The shingles and the paint have their own measurable levels of solar reflectivity. In warm climates if you can do anything to raise the level of solar reflectivity, you will keep that structure cooler and save energy.
I used to have a list of different materials and their levels, going by memory here so please forgive me if I am off a point or two..
Gray asphalt shingles - 20% Reflectivity (according to the roofing industry but I have my doubts there.)
Light beige standard exterior paint – usually around 12% when new, drops to around 5% once oxidation occurs in a few years. That thin layer of oxidation then becomes the proprietary surface.
Our coating, applied to that roof and those walls, will put a new proprietary surface that will have a Solar Reflectivity level of 83% and a Thermal Emissivity level of 90%. In doing that, you have also created that 'Building envelope' everyone wants to achieve.
Creating a 'Building envelope', everyone on this board surely understands what that means when it comes to the standard insulations with the R-values. With our Energy Star Cool Roof coating applied to the roof and the exterior walls, the R-rated insulation inside can now perform their function on a greatly reduced temperature scale.
Our coating is NOT labor intensive as someone has described another coating being to apply. Very seldom do we require a primer except on new bare wood or when rust is present.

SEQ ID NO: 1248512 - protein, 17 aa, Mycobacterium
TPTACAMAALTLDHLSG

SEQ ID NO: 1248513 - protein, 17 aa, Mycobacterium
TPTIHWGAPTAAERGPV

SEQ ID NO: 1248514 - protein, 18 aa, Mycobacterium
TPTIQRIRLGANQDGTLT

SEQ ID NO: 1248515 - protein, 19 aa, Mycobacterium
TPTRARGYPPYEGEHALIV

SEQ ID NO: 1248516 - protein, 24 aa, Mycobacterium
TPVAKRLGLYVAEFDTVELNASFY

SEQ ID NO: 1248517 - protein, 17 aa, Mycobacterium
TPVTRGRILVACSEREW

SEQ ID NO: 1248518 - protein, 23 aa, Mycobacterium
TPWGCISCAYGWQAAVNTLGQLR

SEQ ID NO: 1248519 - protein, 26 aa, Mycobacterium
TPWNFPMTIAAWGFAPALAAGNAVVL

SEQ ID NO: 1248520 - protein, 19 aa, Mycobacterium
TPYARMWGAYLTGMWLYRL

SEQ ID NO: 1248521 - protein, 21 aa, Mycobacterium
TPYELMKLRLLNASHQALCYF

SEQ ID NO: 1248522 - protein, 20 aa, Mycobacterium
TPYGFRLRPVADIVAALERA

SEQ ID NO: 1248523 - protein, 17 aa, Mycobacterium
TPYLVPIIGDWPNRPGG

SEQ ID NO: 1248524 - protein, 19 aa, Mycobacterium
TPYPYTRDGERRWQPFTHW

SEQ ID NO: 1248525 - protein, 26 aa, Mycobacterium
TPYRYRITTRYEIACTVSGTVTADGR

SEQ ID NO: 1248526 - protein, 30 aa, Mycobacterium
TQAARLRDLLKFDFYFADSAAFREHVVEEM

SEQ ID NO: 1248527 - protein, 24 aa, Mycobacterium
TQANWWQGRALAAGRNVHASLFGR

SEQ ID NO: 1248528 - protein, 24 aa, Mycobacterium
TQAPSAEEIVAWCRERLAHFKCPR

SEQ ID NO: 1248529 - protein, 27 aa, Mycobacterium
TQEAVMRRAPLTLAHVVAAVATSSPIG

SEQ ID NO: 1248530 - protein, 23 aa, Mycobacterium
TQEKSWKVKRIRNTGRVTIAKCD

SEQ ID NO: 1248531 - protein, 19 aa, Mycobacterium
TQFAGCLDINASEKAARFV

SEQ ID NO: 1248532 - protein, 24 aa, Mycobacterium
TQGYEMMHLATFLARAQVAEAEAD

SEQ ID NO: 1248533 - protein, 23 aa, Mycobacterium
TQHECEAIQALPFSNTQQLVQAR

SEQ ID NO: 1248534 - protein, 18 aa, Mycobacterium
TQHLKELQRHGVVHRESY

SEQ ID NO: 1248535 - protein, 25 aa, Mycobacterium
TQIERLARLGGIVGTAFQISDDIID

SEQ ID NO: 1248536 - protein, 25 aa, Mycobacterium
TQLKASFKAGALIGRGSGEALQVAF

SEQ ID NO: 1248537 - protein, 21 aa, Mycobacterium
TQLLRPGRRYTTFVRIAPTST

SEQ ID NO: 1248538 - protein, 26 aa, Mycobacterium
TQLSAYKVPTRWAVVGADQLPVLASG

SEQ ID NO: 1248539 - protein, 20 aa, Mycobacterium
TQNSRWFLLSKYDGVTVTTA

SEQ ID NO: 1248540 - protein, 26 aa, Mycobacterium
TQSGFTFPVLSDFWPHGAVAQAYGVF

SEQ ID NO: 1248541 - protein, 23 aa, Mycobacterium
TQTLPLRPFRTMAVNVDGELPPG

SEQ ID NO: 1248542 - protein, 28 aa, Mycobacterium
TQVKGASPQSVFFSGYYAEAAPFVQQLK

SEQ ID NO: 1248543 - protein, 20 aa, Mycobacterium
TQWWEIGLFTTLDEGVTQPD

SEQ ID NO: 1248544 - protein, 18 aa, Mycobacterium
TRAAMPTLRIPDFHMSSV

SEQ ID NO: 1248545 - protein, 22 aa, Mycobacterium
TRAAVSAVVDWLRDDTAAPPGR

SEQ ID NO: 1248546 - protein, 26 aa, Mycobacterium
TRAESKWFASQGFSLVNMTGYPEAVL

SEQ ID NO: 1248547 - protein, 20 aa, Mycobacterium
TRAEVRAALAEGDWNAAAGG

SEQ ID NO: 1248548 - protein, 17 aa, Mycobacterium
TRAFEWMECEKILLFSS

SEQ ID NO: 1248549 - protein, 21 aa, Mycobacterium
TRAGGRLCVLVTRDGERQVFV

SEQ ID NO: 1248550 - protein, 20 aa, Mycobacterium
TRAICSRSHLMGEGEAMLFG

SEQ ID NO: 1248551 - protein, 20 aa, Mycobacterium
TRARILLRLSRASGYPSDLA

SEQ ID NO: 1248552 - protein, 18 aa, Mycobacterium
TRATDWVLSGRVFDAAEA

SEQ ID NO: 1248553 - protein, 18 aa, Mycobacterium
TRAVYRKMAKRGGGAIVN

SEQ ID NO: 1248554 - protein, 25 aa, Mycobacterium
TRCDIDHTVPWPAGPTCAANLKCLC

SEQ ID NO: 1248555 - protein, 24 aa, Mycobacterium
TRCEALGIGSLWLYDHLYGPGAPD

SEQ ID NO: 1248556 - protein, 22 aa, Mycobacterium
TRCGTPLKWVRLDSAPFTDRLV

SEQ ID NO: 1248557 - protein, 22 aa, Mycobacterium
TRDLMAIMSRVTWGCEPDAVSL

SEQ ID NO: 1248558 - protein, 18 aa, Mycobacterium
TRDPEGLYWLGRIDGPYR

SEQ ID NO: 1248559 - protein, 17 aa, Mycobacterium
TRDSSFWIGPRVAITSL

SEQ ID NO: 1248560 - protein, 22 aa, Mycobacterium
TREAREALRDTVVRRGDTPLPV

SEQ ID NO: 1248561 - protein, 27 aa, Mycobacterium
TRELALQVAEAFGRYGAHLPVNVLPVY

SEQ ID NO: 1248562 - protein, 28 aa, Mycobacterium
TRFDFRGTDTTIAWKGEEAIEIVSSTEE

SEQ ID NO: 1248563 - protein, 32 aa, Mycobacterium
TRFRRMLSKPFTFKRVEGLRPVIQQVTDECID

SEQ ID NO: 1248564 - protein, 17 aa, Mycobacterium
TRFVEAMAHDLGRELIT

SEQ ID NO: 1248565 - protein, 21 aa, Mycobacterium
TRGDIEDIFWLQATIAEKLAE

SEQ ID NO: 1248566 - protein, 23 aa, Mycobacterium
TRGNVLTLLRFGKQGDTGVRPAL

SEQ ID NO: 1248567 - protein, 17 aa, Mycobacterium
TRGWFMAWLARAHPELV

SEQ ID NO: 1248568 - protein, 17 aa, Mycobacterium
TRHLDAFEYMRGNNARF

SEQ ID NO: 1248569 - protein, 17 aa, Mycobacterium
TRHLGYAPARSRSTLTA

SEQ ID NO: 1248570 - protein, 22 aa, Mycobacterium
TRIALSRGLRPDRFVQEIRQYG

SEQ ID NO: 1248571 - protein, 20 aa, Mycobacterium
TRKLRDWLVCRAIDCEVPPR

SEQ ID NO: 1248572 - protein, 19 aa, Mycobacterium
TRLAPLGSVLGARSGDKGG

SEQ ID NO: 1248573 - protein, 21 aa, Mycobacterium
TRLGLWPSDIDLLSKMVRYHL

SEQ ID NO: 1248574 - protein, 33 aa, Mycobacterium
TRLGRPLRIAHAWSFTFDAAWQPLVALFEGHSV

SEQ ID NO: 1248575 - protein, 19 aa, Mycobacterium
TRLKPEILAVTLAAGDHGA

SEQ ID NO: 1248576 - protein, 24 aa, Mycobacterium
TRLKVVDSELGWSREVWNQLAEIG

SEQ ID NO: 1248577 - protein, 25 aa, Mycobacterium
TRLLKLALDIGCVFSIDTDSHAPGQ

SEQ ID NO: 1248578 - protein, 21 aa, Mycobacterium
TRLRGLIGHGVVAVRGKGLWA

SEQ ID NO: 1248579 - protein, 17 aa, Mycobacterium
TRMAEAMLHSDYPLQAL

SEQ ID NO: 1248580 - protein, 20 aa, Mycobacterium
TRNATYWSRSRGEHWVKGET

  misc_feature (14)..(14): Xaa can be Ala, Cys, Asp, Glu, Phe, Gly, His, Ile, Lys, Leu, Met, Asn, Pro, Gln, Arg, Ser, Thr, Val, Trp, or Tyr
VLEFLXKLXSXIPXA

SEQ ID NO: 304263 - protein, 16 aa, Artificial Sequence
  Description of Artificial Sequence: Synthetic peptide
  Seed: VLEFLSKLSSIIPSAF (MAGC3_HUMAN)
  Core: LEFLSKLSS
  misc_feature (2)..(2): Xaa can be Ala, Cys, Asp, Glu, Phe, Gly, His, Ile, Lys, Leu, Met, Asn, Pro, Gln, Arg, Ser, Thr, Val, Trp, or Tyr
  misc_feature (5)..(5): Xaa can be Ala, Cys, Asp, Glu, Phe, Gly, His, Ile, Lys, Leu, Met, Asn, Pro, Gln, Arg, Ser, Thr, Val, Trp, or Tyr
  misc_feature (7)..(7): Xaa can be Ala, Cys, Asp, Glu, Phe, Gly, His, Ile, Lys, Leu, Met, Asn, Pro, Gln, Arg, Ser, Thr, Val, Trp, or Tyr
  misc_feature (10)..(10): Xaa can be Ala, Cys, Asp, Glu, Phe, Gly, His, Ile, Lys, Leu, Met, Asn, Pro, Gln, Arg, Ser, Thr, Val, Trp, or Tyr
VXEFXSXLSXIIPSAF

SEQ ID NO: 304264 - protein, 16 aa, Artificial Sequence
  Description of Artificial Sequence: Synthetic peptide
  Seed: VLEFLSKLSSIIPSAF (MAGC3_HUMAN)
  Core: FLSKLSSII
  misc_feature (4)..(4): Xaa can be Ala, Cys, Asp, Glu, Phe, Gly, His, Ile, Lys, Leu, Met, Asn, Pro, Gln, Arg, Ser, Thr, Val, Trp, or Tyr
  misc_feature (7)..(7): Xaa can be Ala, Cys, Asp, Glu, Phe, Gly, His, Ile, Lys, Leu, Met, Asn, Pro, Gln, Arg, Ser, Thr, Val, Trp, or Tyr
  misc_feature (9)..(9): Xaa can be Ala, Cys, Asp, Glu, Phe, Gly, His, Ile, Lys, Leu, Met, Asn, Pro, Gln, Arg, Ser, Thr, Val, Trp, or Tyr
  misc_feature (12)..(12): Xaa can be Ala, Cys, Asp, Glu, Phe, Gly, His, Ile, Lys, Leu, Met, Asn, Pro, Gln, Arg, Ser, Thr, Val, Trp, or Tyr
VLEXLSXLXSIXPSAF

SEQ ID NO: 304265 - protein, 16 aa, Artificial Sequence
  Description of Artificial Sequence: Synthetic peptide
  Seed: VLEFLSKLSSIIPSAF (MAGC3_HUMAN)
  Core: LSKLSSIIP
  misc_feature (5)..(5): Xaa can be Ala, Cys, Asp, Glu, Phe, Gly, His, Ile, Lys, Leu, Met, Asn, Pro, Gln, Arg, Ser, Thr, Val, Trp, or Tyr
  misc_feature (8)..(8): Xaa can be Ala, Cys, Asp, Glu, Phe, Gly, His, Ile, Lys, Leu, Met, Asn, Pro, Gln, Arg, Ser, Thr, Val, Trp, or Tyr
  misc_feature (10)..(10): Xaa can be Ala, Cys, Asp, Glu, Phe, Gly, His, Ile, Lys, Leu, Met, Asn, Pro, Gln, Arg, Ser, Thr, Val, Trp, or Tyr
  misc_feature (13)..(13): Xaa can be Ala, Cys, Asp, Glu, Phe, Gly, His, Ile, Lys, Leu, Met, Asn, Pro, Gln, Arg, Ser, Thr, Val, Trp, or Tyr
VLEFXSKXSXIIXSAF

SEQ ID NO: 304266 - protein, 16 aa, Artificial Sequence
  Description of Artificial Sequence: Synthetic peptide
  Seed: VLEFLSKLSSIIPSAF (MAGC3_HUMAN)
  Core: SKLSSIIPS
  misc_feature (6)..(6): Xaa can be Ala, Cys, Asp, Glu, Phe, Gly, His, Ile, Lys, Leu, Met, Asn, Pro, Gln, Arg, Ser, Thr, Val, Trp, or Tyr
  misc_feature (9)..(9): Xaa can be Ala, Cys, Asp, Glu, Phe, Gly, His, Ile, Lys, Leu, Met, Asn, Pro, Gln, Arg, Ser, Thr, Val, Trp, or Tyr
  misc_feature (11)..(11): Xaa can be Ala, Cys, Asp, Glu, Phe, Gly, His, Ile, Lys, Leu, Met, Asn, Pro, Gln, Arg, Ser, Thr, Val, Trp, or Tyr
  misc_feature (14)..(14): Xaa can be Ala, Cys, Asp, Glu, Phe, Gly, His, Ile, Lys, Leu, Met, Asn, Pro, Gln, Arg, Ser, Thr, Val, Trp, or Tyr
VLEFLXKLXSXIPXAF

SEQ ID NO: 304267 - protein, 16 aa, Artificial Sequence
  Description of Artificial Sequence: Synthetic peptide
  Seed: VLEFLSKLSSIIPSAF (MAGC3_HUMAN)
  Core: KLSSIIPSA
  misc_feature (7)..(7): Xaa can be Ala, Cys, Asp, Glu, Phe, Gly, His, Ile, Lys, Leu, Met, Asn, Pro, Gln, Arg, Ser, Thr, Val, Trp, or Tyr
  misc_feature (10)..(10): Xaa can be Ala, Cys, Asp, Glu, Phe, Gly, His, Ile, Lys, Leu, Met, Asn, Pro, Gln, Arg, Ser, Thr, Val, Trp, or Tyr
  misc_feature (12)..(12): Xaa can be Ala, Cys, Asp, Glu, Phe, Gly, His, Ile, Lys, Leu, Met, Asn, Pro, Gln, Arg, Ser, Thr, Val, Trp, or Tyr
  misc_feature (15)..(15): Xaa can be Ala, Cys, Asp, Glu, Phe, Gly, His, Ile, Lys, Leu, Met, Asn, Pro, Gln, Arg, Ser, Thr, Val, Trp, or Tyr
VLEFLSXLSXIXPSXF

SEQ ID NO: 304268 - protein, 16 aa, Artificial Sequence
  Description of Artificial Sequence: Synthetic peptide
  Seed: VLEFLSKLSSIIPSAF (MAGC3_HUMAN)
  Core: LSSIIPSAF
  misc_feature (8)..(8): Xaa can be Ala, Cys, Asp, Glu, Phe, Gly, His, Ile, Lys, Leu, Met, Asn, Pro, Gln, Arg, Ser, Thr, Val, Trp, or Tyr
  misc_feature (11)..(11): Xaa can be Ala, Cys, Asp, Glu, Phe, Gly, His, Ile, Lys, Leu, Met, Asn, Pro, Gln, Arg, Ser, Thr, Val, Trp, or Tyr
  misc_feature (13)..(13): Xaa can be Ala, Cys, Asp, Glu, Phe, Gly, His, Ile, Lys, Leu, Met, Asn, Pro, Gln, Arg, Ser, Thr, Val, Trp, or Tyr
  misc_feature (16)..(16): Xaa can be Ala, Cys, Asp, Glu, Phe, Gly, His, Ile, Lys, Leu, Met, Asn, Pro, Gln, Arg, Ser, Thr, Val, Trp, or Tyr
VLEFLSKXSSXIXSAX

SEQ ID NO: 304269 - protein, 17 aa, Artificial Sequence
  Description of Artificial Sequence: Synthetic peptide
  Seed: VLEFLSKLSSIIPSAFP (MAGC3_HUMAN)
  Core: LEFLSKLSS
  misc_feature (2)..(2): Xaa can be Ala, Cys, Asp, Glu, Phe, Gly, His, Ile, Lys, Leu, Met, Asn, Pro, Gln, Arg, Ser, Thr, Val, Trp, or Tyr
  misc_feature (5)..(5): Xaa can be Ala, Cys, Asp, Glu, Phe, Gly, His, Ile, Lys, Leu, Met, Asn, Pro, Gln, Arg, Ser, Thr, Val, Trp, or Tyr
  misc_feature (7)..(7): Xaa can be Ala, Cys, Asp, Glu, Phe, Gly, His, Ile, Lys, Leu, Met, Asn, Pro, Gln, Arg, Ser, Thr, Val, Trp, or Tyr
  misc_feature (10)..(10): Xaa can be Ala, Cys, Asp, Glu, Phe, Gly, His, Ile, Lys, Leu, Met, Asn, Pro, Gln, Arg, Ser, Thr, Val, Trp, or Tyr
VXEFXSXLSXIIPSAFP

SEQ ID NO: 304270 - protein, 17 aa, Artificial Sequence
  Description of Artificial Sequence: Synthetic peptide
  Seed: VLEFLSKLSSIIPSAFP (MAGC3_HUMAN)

Once our coating is on the outside surfaces, the surface temperature will be within 5 degrees of whatever the ambient air temperature is at the time. Example; gray asphalt shingle roof on a 90 degree day can reach 160 degrees. With our coating, 95 degrees.
We can also apply our coating to any AC unit and exposed metal ducts on the roof as that application has dropped the air temperature coming into the building by 5 to 25 degrees. I have done that more times than I can remember. There are several statements on our website
We can also go into the attic and coat the AC with, plenum and the duct work, metal or flex ducts. Doing that alone normally drops the homeowners entire electric bill by around 25%.
You can also create that building envelope by coating the interior walls and ceilings in a building.
When considering ANY coating you also want to determine if it will retain heat in the cold months. Here are a few things ours has done when it comes to retaining heat; On boilers and steam pipes, a thick coat of our coating dropped the skin surface temperature from 267F down to 155F, a 35% reduction in heat loss. There are other statements on our website. These temps are much higher than what you would keep your home but the reductions in heat loss will still be the same.
At any rate, if you currently DO NOT consider the reflectivity levels on the exterior of a home, you might be doing them and yourself a dis-service.
Light Color Shingles on Exterior
1 in roof decking
2x4 Rafters 16" Space
R13 Batt Insulation
Double Sided Radiant Barier
Also Acts as Vapor Barrier
Adequate Ventilation Provided by
Automatic Power Attic Fan Peak of Roof
Proper Vents in Soffits and Gable Ends
Reduced the Need for 1 window AC unit in Typical Two Story Stick Built Home-
This translates to a Savings of $30 / Month during Cooling Months or $120-$160 / Year.
This Application Payed for itself in the 1st Summer 06. At the time of writing this article the estimated savings for 5 yrs is $600. This Pays for 100% of the Materials used in the Green Roof System for the Upstairs Bedroom Remodel.
The Only drawback reported by owner (which wasn't really a drawback since it was his teen-age sons room) was the decrease in cell phone reception,